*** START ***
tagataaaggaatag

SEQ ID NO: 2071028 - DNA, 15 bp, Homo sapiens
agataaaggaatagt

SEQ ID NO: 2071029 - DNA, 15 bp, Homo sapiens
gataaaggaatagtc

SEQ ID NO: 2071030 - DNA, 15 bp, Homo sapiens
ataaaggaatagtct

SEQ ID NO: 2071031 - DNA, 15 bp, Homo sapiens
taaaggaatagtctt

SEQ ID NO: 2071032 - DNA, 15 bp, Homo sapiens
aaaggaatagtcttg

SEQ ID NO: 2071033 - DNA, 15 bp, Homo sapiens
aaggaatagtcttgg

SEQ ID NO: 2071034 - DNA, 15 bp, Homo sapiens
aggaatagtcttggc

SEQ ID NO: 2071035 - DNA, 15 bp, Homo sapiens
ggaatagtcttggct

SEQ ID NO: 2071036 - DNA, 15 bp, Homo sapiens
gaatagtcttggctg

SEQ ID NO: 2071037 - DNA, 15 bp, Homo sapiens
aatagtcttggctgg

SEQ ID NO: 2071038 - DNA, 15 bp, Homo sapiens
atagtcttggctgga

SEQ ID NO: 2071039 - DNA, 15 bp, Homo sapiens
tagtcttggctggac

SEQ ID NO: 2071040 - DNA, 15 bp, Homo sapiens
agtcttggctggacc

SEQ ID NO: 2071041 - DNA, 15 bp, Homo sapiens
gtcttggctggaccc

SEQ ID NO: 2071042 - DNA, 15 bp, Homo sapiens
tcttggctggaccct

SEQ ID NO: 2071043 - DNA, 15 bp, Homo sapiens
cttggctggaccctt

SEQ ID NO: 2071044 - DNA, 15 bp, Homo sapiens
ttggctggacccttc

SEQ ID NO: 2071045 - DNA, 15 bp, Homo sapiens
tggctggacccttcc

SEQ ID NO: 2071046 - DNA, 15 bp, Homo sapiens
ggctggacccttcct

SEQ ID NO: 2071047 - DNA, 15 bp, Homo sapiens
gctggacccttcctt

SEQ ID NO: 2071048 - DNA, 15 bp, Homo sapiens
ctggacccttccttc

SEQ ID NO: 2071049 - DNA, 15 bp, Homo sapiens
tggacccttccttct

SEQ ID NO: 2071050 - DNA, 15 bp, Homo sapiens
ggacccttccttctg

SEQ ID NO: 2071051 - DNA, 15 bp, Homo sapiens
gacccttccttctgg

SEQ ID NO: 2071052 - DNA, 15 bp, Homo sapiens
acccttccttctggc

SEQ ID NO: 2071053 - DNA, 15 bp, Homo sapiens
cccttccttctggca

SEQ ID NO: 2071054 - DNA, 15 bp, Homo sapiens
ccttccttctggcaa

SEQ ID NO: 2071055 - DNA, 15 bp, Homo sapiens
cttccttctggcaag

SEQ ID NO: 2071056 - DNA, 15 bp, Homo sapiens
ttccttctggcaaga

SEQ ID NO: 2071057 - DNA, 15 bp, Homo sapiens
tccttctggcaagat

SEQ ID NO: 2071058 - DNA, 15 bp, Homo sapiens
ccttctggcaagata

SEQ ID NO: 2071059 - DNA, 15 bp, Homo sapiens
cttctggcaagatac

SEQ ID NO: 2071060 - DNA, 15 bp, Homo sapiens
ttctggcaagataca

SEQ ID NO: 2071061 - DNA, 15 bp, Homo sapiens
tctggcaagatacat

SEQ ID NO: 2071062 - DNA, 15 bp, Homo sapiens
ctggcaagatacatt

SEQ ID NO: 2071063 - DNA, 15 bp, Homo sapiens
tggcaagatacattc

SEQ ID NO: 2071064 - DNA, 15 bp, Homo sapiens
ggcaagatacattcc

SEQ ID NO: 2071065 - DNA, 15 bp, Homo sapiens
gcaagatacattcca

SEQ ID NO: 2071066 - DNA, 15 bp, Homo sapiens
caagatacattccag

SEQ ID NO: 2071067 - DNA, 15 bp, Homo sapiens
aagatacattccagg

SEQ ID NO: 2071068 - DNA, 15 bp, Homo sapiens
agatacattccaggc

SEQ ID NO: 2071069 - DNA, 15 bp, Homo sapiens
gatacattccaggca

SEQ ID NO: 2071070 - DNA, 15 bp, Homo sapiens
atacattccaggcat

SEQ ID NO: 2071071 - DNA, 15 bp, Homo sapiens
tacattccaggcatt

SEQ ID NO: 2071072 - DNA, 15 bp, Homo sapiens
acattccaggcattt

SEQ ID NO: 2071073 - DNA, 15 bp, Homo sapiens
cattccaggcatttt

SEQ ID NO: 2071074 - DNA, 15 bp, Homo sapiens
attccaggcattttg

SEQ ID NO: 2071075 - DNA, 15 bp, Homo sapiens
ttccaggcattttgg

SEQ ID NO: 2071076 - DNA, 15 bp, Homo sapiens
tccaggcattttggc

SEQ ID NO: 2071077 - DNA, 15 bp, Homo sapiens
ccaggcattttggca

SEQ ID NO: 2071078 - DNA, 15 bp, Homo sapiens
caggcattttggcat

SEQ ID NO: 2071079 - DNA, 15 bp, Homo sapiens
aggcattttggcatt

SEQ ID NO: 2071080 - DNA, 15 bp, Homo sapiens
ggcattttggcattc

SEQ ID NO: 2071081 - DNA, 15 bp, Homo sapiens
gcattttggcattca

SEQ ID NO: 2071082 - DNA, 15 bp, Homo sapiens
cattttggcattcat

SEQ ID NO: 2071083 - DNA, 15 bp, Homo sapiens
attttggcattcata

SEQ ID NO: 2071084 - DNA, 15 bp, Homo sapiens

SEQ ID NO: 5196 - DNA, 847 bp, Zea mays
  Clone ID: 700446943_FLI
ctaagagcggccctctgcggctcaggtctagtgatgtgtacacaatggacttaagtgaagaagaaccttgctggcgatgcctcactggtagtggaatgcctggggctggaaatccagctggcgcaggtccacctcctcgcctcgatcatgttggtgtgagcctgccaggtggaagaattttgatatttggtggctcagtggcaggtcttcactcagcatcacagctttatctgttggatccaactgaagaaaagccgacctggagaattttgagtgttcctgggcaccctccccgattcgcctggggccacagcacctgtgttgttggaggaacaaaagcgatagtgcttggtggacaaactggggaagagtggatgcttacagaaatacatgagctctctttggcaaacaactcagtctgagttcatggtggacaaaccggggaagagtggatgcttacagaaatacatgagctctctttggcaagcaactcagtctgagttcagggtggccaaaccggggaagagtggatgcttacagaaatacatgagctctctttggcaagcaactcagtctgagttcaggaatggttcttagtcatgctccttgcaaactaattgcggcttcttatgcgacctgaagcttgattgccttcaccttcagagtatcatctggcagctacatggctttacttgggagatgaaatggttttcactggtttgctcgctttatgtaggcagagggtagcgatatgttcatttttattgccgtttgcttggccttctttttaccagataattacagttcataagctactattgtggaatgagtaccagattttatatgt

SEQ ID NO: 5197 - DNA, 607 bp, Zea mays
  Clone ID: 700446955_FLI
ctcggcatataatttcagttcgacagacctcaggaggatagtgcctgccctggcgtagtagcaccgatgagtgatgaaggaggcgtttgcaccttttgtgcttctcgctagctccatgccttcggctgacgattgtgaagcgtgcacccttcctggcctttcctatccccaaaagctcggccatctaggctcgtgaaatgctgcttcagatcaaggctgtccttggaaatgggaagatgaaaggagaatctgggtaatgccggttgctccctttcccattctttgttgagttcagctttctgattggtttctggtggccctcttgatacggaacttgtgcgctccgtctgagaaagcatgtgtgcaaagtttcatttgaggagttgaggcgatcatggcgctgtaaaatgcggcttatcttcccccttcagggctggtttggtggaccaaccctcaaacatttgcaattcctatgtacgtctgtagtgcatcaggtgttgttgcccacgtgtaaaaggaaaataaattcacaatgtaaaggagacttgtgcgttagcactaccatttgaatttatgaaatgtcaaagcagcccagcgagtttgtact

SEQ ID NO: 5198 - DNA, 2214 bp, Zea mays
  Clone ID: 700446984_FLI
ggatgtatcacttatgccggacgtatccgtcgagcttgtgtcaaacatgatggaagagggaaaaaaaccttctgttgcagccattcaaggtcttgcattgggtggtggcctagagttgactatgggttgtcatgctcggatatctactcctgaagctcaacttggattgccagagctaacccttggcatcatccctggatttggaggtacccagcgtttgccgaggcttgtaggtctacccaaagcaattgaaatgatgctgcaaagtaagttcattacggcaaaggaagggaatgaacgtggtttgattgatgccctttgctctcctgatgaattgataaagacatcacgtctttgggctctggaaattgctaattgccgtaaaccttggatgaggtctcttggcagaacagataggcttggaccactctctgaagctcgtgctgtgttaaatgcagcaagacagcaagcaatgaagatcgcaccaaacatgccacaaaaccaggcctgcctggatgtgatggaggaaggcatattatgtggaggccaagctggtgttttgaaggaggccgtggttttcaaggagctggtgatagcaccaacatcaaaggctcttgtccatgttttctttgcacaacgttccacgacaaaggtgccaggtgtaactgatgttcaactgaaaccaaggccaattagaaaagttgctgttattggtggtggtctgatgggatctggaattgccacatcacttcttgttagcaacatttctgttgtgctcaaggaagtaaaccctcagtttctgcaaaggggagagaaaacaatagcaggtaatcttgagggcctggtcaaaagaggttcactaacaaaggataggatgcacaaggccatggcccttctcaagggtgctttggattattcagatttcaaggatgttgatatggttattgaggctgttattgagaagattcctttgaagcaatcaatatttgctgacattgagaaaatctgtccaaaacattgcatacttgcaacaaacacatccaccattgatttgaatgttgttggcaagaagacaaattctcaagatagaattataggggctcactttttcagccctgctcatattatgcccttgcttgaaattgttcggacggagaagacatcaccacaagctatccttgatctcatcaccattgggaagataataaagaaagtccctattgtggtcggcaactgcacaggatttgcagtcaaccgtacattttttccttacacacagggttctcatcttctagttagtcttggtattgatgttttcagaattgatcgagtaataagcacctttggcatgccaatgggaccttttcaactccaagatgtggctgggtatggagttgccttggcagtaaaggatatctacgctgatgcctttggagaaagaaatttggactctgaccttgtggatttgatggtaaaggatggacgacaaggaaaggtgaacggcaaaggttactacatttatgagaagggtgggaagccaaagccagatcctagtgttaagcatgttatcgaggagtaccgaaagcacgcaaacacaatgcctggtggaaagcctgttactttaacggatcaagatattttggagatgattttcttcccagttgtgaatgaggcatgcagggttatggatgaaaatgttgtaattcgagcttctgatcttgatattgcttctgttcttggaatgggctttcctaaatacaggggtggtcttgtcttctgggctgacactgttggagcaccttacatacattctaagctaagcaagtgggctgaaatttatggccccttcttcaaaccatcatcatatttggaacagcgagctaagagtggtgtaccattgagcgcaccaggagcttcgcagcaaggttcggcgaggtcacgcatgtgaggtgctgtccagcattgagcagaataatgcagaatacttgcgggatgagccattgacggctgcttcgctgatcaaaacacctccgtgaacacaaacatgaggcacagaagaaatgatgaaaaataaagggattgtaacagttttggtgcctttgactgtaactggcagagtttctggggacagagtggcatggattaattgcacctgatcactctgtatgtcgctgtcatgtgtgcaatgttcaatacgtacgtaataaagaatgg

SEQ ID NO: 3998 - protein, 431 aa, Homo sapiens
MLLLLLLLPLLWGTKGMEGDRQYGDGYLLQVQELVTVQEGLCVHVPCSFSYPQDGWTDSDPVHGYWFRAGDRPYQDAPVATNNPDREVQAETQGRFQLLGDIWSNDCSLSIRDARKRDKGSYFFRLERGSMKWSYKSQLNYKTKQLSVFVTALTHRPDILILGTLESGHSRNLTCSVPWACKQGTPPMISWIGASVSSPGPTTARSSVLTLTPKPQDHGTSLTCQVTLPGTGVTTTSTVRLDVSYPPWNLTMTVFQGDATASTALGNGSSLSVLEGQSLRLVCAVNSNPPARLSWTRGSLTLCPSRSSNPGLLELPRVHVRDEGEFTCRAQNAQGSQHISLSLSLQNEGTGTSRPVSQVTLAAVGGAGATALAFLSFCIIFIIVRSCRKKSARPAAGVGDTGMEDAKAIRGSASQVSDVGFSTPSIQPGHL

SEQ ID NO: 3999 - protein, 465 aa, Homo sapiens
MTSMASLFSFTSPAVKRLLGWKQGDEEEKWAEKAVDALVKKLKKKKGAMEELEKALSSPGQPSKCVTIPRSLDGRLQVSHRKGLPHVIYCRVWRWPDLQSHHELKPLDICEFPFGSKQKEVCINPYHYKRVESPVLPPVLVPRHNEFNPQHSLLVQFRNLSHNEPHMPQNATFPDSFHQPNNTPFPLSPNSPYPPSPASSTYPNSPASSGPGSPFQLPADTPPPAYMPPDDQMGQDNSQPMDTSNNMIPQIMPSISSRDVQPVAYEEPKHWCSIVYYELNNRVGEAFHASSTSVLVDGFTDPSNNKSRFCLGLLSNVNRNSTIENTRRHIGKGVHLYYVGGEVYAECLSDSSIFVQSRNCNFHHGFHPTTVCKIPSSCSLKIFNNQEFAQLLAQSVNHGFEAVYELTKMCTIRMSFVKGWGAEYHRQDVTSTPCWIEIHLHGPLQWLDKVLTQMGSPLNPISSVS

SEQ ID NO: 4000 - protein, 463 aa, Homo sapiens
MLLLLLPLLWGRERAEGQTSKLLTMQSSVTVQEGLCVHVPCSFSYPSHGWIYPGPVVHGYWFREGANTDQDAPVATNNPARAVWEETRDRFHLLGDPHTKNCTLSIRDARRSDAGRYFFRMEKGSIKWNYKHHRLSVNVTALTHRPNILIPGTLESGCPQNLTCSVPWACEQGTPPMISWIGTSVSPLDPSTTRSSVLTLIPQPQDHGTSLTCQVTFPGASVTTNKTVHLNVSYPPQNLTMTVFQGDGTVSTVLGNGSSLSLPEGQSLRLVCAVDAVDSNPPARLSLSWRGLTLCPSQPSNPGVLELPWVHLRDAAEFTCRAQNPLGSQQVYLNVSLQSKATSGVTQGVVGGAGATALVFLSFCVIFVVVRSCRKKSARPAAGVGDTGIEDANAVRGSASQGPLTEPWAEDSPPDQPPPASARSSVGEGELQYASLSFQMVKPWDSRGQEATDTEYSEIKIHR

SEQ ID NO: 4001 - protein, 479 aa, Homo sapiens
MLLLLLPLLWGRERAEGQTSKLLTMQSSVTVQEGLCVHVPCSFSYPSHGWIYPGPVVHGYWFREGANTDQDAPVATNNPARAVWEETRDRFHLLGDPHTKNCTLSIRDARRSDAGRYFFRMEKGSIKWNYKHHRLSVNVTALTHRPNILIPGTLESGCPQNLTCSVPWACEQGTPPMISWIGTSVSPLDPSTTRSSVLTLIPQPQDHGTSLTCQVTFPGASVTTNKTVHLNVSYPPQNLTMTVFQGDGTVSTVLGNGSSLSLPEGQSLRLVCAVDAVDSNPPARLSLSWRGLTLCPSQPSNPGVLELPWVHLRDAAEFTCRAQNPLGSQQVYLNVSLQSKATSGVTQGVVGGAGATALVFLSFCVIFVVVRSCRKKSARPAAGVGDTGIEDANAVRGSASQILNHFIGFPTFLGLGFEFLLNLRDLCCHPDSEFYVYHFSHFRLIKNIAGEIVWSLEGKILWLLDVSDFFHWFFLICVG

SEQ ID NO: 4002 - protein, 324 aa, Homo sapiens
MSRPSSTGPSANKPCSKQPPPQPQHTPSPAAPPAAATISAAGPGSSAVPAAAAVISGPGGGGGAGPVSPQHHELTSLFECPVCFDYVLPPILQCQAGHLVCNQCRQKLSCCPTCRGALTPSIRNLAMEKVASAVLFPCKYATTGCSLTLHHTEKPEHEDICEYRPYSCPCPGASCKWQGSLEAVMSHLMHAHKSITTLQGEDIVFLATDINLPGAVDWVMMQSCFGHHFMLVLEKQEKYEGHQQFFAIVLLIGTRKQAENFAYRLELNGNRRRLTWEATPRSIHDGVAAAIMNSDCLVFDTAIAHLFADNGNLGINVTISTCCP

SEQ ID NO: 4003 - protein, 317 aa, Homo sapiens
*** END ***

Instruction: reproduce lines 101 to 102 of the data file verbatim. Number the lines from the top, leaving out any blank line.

ccaggcattttggca

SEQ ID NO: 2071078 - DNA, 15 bp, Homo sapiens